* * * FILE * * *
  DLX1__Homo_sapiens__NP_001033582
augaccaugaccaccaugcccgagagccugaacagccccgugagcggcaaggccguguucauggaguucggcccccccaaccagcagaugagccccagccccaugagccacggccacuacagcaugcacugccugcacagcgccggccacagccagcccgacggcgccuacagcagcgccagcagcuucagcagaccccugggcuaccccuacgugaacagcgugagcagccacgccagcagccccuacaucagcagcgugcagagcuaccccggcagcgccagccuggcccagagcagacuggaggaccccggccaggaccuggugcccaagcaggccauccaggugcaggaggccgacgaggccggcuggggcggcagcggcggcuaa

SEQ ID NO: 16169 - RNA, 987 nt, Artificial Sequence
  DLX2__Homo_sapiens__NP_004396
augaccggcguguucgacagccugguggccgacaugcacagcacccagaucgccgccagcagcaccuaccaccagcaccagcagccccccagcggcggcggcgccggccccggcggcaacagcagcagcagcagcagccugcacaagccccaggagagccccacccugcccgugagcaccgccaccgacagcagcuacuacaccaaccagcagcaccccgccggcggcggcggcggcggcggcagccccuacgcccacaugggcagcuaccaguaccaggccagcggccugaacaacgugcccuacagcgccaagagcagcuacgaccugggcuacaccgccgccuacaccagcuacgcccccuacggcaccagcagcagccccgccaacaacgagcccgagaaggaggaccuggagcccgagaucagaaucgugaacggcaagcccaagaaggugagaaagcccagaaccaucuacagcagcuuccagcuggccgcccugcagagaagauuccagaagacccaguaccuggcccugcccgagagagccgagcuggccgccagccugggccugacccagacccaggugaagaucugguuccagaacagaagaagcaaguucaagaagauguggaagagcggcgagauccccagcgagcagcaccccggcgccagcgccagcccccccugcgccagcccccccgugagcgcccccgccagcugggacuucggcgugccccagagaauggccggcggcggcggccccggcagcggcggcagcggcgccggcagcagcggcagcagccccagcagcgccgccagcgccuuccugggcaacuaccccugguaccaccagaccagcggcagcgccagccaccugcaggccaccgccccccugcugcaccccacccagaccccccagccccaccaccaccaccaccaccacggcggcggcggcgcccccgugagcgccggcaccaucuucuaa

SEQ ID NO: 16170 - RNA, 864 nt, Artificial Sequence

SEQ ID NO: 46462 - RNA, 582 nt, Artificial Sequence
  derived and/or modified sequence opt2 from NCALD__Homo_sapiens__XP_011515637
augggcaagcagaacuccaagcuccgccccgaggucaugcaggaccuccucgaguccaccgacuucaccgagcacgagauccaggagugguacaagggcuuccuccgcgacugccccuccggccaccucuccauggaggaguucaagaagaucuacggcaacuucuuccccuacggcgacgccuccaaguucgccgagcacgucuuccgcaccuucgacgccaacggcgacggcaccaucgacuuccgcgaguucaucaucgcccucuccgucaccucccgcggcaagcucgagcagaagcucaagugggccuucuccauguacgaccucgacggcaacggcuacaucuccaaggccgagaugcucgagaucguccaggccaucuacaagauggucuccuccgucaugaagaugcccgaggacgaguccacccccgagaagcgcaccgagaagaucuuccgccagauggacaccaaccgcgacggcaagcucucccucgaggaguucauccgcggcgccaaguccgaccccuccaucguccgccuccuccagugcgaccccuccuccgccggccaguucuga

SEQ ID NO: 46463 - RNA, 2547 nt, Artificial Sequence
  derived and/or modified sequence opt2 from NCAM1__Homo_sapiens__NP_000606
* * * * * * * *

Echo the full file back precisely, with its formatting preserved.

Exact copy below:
  DLX1__Homo_sapiens__NP_001033582
augaccaugaccaccaugcccgagagccugaacagccccgugagcggcaaggccguguucauggaguucggcccccccaaccagcagaugagccccagccccaugagccacggccacuacagcaugcacugccugcacagcgccggccacagccagcccgacggcgccuacagcagcgccagcagcuucagcagaccccugggcuaccccuacgugaacagcgugagcagccacgccagcagccccuacaucagcagcgugcagagcuaccccggcagcgccagccuggcccagagcagacuggaggaccccggccaggaccuggugcccaagcaggccauccaggugcaggaggccgacgaggccggcuggggcggcagcggcggcuaa

SEQ ID NO: 16169 - RNA, 987 nt, Artificial Sequence
  DLX2__Homo_sapiens__NP_004396
augaccggcguguucgacagccugguggccgacaugcacagcacccagaucgccgccagcagcaccuaccaccagcaccagcagccccccagcggcggcggcgccggccccggcggcaacagcagcagcagcagcagccugcacaagccccaggagagccccacccugcccgugagcaccgccaccgacagcagcuacuacaccaaccagcagcaccccgccggcggcggcggcggcggcggcagccccuacgcccacaugggcagcuaccaguaccaggccagcggccugaacaacgugcccuacagcgccaagagcagcuacgaccugggcuacaccgccgccuacaccagcuacgcccccuacggcaccagcagcagccccgccaacaacgagcccgagaaggaggaccuggagcccgagaucagaaucgugaacggcaagcccaagaaggugagaaagcccagaaccaucuacagcagcuuccagcuggccgcccugcagagaagauuccagaagacccaguaccuggcccugcccgagagagccgagcuggccgccagccugggccugacccagacccaggugaagaucugguuccagaacagaagaagcaaguucaagaagauguggaagagcggcgagauccccagcgagcagcaccccggcgccagcgccagcccccccugcgccagcccccccgugagcgcccccgccagcugggacuucggcgugccccagagaauggccggcggcggcggccccggcagcggcggcagcggcgccggcagcagcggcagcagccccagcagcgccgccagcgccuuccugggcaacuaccccugguaccaccagaccagcggcagcgccagccaccugcaggccaccgccccccugcugcaccccacccagaccccccagccccaccaccaccaccaccaccacggcggcggcggcgcccccgugagcgccggcaccaucuucuaa

SEQ ID NO: 16170 - RNA, 864 nt, Artificial Sequence

SEQ ID NO: 46462 - RNA, 582 nt, Artificial Sequence
  derived and/or modified sequence opt2 from NCALD__Homo_sapiens__XP_011515637
augggcaagcagaacuccaagcuccgccccgaggucaugcaggaccuccucgaguccaccgacuucaccgagcacgagauccaggagugguacaagggcuuccuccgcgacugccccuccggccaccucuccauggaggaguucaagaagaucuacggcaacuucuuccccuacggcgacgccuccaaguucgccgagcacgucuuccgcaccuucgacgccaacggcgacggcaccaucgacuuccgcgaguucaucaucgcccucuccgucaccucccgcggcaagcucgagcagaagcucaagugggccuucuccauguacgaccucgacggcaacggcuacaucuccaaggccgagaugcucgagaucguccaggccaucuacaagauggucuccuccgucaugaagaugcccgaggacgaguccacccccgagaagcgcaccgagaagaucuuccgccagauggacaccaaccgcgacggcaagcucucccucgaggaguucauccgcggcgccaaguccgaccccuccaucguccgccuccuccagugcgaccccuccuccgccggccaguucuga

SEQ ID NO: 46463 - RNA, 2547 nt, Artificial Sequence
  derived and/or modified sequence opt2 from NCAM1__Homo_sapiens__NP_000606